Back to main page
Troilus and Cressida - Act 4, scene 5
Download Troilus and Cressida
Last updated: Fri, Feb 05, 2021
- PDF Download as PDF
- DOC (for MS Word, Apple Pages, Open Office, etc.) without line numbers Download as DOC (for MS Word, Apple Pages, Open Office, etc.) without line numbers
- DOC (for MS Word, Apple Pages, Open Office, etc.) with line numbers Download as DOC (for MS Word, Apple Pages, Open Office, etc.) with line numbers
- HTML Download as HTML
- TXT Download as TXT
- XML Download as XML
- TEISimple XML (annotated with MorphAdorner for part-of-speech analysis) Download as TEISimple XML (annotated with MorphAdorner for part-of-speech analysis)
Navigate this workTroilus and Cressida - Act 4, scene 5
Act 4, scene 5
The Greek leaders, Menelaus and Ulysses excepted, kiss Cressida as Diomedes brings her to the Greek camp. After Hector and Ajax fight their bloodless and inconclusive single combat, Hector is introduced to the Greek leaders, including Achilles, who boasts that he will kill Hector. The Greeks invite Hector, joined by Troilus, to feast with them.Enter Ajax, armed, Achilles, Patroclus, Agamemnon,
Menelaus, Ulysses, Nestor, etc. ⌜and Trumpeter.⌝
AGAMEMNON, ⌜to Ajax⌝
2560 Here art thou in appointment fresh and fair,
2561 Anticipating time with starting courage.
2562 Give with thy trumpet a loud note to Troy,
2563 Thou dreadful Ajax, that the appallèd air
2564 5 May pierce the head of the great combatant
2565 And hale him hither.
AJAX 2566 Thou, trumpet, there’s my purse.
⌜He gives money to Trumpeter.⌝
2567 Now crack thy lungs and split thy brazen pipe.
2568 Blow, villain, till thy spherèd bias cheek
2569 10 Outswell the colic of puffed Aquilon.
2570 Come, stretch thy chest, and let thy eyes spout blood.
2571 Thou blowest for Hector.⌜Sound trumpet.⌝
2572 No trumpet answers.
ACHILLES 2573 ’Tis but early days.
⌜Enter Cressida and Diomedes.⌝
2574 15 Is not yond Diomed with Calchas’ daughter?
2575 ’Tis he. I ken the manner of his gait.
2576 He rises on the toe; that spirit of his
2577 In aspiration lifts him from the earth.
2578 Is this the Lady Cressid?
DIOMEDES 2579 20 Even she.
2580 Most dearly welcome to the Greeks, sweet lady.
⌜He kisses her.⌝
2581 Our general doth salute you with a kiss.
2582 Yet is the kindness but particular.
2583 ’Twere better she were kissed in general.
2584 25 And very courtly counsel. I’ll begin.⌜He kisses her.⌝
2585 So much for Nestor.
2586 I’ll take that winter from your lips, fair lady.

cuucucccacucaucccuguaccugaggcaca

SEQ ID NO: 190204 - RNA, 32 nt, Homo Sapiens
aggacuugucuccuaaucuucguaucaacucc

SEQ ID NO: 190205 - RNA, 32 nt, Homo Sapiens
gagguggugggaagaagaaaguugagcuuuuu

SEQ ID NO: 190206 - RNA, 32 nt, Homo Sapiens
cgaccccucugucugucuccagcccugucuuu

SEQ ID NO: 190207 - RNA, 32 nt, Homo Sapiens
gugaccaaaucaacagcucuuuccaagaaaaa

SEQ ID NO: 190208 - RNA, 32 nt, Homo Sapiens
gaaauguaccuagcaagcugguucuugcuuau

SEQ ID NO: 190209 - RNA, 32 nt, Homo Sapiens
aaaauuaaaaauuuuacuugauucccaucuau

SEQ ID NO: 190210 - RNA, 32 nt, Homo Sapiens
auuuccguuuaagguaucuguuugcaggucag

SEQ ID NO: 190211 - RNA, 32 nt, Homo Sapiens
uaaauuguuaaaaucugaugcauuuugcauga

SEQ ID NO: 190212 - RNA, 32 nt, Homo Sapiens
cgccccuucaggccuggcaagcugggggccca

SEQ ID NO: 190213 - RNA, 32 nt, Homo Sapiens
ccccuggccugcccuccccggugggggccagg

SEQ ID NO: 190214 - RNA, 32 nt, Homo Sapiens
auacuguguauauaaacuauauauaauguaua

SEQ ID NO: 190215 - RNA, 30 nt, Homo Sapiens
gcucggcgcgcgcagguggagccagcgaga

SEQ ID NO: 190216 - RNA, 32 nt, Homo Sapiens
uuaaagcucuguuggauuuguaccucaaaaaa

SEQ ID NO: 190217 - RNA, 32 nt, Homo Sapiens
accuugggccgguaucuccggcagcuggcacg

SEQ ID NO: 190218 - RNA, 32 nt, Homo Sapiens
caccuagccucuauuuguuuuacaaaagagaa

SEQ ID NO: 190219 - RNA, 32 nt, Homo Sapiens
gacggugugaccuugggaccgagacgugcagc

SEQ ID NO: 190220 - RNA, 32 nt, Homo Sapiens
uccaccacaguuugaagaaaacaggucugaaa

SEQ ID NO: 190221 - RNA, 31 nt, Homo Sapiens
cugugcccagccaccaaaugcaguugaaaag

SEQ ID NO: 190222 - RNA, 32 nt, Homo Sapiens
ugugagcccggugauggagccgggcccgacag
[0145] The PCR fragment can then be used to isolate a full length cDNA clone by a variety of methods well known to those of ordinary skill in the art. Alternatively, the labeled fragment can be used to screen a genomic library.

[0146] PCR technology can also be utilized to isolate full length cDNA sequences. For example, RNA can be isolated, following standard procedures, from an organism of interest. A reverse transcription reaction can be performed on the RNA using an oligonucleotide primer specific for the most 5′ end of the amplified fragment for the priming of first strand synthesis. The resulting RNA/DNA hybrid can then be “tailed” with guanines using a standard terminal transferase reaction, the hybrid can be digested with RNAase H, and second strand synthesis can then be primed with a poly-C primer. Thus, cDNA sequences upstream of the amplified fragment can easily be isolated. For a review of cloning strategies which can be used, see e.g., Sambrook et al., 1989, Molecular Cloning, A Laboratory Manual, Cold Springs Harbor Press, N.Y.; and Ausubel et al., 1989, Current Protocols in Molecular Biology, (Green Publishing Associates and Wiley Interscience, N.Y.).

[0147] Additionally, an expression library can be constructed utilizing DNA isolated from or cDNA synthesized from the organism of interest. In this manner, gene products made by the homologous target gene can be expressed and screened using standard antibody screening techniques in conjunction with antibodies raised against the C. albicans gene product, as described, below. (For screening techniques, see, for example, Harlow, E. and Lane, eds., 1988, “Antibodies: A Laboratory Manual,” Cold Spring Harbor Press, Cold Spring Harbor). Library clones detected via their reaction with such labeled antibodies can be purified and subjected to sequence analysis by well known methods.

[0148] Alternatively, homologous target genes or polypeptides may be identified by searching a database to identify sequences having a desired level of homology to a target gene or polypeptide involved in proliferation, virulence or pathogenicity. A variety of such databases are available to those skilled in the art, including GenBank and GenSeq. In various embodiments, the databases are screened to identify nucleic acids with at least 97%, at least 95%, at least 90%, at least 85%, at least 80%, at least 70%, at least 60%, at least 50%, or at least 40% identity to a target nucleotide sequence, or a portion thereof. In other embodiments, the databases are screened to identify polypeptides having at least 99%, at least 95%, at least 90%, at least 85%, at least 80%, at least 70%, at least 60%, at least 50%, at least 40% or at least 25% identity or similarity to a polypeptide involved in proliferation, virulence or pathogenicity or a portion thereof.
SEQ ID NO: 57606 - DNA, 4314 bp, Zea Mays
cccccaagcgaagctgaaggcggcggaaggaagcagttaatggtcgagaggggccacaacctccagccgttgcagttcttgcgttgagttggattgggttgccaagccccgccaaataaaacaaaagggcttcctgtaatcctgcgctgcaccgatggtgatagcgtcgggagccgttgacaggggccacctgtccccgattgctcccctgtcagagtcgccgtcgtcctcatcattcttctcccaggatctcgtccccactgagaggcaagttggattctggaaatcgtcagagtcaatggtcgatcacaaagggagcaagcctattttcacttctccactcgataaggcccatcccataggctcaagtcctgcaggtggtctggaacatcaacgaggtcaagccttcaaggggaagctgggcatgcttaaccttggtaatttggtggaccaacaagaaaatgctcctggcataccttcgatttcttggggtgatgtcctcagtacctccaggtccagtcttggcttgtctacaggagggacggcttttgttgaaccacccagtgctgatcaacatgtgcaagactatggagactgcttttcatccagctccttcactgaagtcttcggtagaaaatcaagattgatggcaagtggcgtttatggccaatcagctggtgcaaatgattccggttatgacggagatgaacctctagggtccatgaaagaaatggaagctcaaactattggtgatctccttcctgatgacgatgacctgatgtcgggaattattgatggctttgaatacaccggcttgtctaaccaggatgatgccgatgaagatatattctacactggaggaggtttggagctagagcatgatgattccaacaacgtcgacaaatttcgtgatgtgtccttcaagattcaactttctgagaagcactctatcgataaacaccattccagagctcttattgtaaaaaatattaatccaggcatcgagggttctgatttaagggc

2587 Achilles bids you welcome.⌜He kisses her.⌝
2588 I had good argument for kissing once.
PATROCLUS, ⌜stepping between Menelaus and Cressida⌝
2589 30 But that’s no argument for kissing now,
2590 For thus popped Paris in his hardiment
2591 [And parted thus you and your argument.]
⌜He kisses her.⌝
2592 O deadly gall and theme of all our scorns,
2593 For which we lose our heads to gild his horns!
2594 35 The first was Menelaus’ kiss; this mine.
2595 Patroclus kisses you.⌜He kisses her again.⌝
MENELAUS 2596 O, this is trim!
2597 Paris and I kiss evermore for him.
2598 I’ll have my kiss, sir.—Lady, by your leave.
2599 40 In kissing, do you render or receive?
2600 Both take and give.
CRESSIDA 2601 I’ll make my match to live,
2602 The kiss you take is better than you give.
2603 Therefore no kiss.
2604 45 I’ll give you boot: I’ll give you three for one.
2605 You are an odd man. Give even, or give none.
2606 An odd man, lady? Every man is odd.
2607 No, Paris is ⟨not,⟩ for you know ’tis true
2608 That you are odd, and he is even with you.
2609 50 You fillip me o’ th’ head.
CRESSIDA 2610 No, I’ll be sworn.
2611 It were no match, your nail against his horn.
2612 May I, sweet lady, beg a kiss of you?
2613 You may.
ULYSSES 2614 55 I do desire it.
p. 189CRESSIDA 2615 Why, beg ⌜two.⌝
2616 Why, then, for Venus’ sake, give me a kiss
2617 When Helen is a maid again and his.
2618 I am your debtor; claim it when ’tis due.
2619 60 Never’s my day, and then a kiss of you.
2620 Lady, a word. I’ll bring you to your father.
⌜Diomedes and Cressida talk aside.⌝
2621 A woman of quick sense.
ULYSSES 2622 Fie, fie upon her!
2623 There’s language in her eye, her cheek, her lip;
2624 65 Nay, her foot speaks. Her wanton spirits look out
2625 At every joint and motive of her body.
2626 O, these encounterers, so glib of tongue,
2627 That give ⌜accosting⌝ welcome ere it comes
2628 And wide unclasp the tables of their thoughts
2629 70 To every ⟨tickling⟩ reader! Set them down
2630 For sluttish spoils of opportunity
2631 And daughters of the game.
⟨⌜Diomedes and Cressida⌝ exit.⟩
2632 The Trojan’s trumpet.
Enter all of Troy: ⟨Hector, ⌜armed,⌝ Paris, Aeneas,
Helenus, ⌜Troilus,⌝ and Attendants.⟩
AGAMEMNON 2633 Yonder comes the troop.
2634 75 Hail, all the state of Greece! What shall be done
2635 To him that victory commands? Or do you purpose
2636 A victor shall be known? Will you the knights
2637 Shall to the edge of all extremity
p. 1912638 Pursue each other, or shall they be divided
2639 80 By any voice or order of the field?
2640 Hector bade ask.
AGAMEMNON 2641 Which way would Hector have it?
2642 He cares not; he’ll obey conditions.
2643 ’Tis done like Hector.
⌜ACHILLES⌝ 2644 85 But securely done,
2645 A little proudly, and great deal misprizing
2646 The knight opposed.
AENEAS 2647 If not Achilles, sir,
2648 What is your name?
ACHILLES 2649 90 If not Achilles, nothing.
2650 Therefore Achilles. But whate’er, know this:
2651 In the extremity of great and little,
2652 Valor and pride excel themselves in Hector,